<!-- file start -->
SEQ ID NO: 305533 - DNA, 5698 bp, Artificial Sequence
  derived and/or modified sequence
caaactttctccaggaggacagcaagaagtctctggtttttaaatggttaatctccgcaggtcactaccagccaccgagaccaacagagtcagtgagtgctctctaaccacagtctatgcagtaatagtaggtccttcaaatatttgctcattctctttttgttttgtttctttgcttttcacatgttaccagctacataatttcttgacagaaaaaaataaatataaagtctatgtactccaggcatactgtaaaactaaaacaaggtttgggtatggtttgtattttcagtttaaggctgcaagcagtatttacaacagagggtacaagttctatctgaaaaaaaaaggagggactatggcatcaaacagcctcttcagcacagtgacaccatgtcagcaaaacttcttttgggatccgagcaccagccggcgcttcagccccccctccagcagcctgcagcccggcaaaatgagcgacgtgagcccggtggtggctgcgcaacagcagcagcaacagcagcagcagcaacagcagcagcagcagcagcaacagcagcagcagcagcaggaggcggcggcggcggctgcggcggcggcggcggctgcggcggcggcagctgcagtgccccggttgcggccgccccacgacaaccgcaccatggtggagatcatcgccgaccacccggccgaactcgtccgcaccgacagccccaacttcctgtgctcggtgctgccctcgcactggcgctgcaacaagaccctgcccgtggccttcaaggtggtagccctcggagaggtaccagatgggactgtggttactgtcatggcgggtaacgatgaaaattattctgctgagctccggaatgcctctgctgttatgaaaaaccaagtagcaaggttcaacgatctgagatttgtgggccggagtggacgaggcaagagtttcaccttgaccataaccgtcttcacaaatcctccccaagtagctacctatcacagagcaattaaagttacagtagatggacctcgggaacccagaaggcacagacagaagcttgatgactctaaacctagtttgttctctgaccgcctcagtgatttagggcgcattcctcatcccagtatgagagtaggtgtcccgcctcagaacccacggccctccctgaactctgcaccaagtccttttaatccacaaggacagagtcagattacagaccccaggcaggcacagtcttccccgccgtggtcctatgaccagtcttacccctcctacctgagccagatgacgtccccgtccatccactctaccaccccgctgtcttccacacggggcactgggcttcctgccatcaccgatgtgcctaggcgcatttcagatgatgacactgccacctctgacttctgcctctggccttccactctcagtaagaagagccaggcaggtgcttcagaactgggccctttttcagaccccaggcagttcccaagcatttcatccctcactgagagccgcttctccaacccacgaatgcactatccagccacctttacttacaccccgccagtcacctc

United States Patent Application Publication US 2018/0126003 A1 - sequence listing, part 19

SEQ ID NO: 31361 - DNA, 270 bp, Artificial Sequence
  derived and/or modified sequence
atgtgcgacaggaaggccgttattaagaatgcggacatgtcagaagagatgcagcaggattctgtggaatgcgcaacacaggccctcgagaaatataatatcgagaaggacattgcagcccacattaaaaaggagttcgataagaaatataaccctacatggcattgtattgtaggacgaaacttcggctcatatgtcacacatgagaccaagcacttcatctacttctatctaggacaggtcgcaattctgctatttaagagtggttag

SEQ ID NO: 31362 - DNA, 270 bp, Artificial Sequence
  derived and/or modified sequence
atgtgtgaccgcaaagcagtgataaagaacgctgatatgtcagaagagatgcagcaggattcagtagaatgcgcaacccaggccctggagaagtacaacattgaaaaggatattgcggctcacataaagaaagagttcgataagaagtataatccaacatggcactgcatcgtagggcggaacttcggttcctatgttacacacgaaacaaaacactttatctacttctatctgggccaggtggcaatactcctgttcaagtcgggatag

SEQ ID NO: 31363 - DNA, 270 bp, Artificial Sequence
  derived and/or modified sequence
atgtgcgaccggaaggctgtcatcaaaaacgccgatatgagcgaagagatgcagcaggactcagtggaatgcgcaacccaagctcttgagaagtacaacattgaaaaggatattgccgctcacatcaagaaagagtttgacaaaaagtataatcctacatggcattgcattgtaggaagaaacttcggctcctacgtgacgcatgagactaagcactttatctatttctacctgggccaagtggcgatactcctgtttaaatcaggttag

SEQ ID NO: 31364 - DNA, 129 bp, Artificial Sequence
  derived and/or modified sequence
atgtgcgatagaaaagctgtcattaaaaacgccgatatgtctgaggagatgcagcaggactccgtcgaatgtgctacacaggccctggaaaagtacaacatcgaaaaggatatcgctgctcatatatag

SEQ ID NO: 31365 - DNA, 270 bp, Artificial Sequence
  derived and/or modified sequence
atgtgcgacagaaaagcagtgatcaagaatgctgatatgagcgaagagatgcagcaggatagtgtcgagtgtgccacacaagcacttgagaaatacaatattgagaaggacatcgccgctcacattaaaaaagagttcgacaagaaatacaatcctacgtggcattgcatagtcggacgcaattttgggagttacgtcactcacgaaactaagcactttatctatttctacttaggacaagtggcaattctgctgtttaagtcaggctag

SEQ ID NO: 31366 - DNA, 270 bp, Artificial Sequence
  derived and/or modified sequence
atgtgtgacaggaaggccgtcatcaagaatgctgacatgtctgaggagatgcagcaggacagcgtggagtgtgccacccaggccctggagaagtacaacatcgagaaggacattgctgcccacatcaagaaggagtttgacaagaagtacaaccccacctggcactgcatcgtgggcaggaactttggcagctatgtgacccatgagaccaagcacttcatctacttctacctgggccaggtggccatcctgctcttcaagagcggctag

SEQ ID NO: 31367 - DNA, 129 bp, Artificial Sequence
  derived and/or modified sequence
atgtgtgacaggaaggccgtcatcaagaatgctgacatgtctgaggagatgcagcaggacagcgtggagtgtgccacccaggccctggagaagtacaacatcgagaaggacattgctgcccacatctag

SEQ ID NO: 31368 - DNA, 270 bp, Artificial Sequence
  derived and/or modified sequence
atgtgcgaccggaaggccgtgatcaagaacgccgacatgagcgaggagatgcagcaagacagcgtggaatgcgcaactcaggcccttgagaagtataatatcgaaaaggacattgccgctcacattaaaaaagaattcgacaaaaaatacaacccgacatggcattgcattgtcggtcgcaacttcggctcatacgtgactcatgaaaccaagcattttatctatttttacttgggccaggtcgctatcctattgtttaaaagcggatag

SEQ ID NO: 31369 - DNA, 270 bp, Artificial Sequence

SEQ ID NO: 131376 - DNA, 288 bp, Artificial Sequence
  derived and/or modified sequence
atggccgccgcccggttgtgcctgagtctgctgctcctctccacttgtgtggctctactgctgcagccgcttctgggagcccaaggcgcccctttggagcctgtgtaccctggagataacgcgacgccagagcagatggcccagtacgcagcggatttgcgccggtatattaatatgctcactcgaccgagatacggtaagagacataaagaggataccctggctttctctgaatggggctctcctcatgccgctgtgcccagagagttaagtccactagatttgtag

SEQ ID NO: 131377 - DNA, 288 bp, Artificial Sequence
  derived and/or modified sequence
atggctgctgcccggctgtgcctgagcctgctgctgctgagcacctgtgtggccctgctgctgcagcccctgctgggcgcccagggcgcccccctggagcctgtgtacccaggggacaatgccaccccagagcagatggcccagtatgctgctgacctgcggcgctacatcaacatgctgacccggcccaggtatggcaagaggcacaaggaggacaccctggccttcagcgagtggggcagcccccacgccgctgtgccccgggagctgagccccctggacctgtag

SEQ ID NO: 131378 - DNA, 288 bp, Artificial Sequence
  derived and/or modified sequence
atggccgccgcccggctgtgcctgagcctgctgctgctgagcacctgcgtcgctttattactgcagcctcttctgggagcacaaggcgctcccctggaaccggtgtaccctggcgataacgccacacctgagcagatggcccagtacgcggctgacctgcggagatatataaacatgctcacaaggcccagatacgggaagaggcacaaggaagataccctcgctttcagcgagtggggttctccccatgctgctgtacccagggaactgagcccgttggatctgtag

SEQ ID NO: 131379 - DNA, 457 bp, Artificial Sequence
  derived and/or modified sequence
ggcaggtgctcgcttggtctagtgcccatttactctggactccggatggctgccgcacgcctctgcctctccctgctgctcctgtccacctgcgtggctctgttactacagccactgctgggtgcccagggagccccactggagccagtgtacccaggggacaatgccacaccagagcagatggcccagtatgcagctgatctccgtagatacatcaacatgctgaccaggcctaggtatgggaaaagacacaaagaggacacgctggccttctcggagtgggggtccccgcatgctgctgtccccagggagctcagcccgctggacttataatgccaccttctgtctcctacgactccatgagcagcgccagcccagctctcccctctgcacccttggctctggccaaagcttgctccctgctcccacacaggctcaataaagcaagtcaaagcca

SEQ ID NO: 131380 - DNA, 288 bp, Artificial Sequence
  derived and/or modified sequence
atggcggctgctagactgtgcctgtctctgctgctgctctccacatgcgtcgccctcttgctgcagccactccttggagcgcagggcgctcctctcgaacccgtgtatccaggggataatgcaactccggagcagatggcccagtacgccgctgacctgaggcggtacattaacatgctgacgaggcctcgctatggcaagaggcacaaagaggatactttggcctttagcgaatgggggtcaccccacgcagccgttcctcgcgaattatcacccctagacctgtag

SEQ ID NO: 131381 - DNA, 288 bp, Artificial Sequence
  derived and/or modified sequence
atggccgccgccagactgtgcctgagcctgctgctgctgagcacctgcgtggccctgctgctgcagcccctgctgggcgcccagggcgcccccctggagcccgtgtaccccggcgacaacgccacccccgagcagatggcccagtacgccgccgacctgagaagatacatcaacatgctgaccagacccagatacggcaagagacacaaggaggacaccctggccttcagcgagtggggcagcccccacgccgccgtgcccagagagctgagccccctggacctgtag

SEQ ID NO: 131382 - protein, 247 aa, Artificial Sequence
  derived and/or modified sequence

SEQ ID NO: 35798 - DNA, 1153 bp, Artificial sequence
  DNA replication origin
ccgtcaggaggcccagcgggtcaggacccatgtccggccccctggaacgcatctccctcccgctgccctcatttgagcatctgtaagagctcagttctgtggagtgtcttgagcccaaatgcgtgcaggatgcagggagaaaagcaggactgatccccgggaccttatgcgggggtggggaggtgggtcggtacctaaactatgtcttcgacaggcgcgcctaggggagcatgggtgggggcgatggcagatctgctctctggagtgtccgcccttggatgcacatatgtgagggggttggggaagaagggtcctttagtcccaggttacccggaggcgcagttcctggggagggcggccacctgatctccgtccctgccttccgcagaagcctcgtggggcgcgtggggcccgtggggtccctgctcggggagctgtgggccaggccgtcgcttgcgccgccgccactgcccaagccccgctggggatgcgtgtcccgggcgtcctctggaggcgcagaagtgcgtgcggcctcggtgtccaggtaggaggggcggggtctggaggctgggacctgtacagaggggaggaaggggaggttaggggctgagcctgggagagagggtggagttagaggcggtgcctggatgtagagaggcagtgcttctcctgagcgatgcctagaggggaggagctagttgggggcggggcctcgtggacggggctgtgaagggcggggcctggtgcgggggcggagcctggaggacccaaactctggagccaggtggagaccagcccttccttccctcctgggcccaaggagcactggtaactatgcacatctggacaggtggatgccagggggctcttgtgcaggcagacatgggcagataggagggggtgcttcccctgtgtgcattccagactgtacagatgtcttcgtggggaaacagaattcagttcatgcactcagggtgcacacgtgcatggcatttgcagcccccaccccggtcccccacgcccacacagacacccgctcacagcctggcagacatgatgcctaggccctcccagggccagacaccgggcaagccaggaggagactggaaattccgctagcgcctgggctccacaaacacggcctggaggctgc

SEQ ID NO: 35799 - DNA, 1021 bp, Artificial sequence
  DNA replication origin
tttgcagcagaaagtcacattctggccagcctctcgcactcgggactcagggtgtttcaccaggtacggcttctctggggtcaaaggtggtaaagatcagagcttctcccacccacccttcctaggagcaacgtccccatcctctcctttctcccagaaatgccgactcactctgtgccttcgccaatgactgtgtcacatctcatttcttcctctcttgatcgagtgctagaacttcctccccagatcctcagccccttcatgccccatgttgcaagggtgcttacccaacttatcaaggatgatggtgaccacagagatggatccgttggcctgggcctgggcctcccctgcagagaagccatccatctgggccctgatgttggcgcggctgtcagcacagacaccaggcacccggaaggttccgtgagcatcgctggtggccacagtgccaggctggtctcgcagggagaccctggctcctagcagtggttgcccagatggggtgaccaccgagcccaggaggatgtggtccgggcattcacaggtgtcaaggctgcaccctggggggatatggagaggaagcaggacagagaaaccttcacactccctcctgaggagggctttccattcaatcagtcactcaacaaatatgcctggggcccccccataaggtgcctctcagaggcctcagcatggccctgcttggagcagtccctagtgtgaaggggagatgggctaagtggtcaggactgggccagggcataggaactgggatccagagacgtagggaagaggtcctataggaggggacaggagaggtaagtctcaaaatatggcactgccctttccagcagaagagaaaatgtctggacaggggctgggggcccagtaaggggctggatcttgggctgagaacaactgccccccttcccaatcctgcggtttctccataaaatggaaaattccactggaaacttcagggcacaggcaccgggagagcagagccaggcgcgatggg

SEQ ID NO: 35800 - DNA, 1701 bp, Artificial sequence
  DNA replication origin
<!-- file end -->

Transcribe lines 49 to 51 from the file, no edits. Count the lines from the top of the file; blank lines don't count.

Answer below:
  derived and/or modified sequence

SEQ ID NO: 35798 - DNA, 1153 bp, Artificial sequence
  DNA replication origin